Southwest Road Trip: Part I

April 7-18, 2010

The road up and the road down is one and the same. ~Heraclitus

PHOTOS AND STORY by Jason Hummel (you want just the story without photos: go HERE)

“A Road Less Traveled”

When I lost my job as a financial adviser, I felt it was the end of my career. Where was I to go from there, I wondered? I didn’t know. A lack of inspiration at home led to a feast of inspiration in the mountains. With well-meaning friends to my rescue, I took up my camera and began hiking, biking, skiing, and climbing. I realized new directions fuel change. Between a year of worrying and drifting between responsibility and adventure, my path has become clearer to me. But any confusion or upheavals are merely bumps in the road, not a precipice at all. You see, the future passes like the wind; you only have to keep your fates pointed just right, so as your sails fill up with air and propel you toward destiny.

On April 9th, 2 days into my journey, I was in Death Valley National Park in Southern California under a sea of stars. It had been, to the day, exactly one year since I had last worked. While slaving away in the office all those years, the days too similar perhaps, my eyes would drift from that paper-filled desk in front of me to those clear office windows. Through them, I’d see shimmering slopes of mountain peering back at me. It was the ultimate Chinese torture I’d thought. In school I imagined different for myself, but there I was - the same. Something had gone wrong and I knew it.



Part I – Fall Canyon to Red Wall Canyon Loop 26 miles, 3 days

What I love about Death Valley had brought me here again, just as in 2009. She wasn’t flamboyant like other national parks. For the most part, she is reserved. Yet I imagined in this arid and desolate landscape an entity that still held onto that air of royalty that all parks share; it is a treasured place. Take Badwater Basin for example, it is among the lowest points anywhere on Earth at -282 feet. And the mountains! Those can’t be ignored. They raise high above those seemingly endless salt flats. Yes, there are mountains here and not small ones either. At 11,050 feet Telescope Peak stands the tallest with numerous others flanking the valleys. It is easy to feel enclosed. Gazing up, these looming goliaths certainly don’t speak, but in a sense, they don’t need to. Everything they have to say is written on their faces.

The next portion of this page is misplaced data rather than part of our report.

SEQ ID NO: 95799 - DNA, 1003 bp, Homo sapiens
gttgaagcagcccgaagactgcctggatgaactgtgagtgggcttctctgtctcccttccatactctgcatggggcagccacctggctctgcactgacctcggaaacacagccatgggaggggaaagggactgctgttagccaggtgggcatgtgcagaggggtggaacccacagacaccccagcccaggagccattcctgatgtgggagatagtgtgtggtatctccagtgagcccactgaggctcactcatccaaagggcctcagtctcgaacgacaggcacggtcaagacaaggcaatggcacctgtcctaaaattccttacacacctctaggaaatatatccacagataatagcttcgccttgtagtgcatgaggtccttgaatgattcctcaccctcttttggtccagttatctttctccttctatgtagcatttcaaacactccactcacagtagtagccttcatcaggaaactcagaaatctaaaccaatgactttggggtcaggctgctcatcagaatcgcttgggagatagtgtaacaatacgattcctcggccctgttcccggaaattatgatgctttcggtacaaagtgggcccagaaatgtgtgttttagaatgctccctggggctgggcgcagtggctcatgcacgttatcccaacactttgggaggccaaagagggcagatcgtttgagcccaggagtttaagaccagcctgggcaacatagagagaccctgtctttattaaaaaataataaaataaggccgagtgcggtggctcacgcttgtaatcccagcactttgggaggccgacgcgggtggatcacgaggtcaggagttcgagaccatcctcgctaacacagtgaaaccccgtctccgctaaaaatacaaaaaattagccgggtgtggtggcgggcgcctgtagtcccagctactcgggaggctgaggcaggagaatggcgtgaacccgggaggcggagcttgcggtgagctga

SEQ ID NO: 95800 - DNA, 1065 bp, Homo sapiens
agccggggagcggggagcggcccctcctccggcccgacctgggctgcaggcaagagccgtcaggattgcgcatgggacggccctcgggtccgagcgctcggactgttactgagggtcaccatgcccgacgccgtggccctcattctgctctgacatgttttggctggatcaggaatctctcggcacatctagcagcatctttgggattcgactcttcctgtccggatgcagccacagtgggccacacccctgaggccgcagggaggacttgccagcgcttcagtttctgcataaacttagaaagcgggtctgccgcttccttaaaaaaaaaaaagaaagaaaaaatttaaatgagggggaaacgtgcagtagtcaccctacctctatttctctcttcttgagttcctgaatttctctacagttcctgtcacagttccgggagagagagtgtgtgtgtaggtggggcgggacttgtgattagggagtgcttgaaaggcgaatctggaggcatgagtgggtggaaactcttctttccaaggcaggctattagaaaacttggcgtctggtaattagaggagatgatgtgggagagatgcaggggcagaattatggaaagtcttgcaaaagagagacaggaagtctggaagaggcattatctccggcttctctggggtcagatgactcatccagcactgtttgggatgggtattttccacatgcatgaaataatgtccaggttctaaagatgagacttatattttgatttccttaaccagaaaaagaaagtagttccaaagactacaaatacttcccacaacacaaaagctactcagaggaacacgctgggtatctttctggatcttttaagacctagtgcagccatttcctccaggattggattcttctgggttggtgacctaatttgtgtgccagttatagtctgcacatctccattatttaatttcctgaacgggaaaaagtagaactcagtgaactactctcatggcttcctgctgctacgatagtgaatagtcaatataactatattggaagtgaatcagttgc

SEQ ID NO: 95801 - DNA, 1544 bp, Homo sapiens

Joining me on this southern road trip was my good friend Kathy. We’d met several years ago when she was looking for photos for a nature film she was producing. Along with her husband Robert, they spend much of their free time hiking pounds of equipment deep into the Cascade Mountains to film (see for more about them). Like me, they need those escapes. Even right then, back in Death Valley stuck in a busy campground, Kathy and I knew we needed to get away from the hundreds of tourists and sightseers as soon as possible. By early morning that was a reality. We drove to the mouth of Titus Canyon, 2.6 miles up a dusty gravel road and parked. Next we pulled out our backpacks we’d fixed the night before and started off. For the next 3 days we would leave the crowds and complete the Fall and Red Wall Canyon Loop.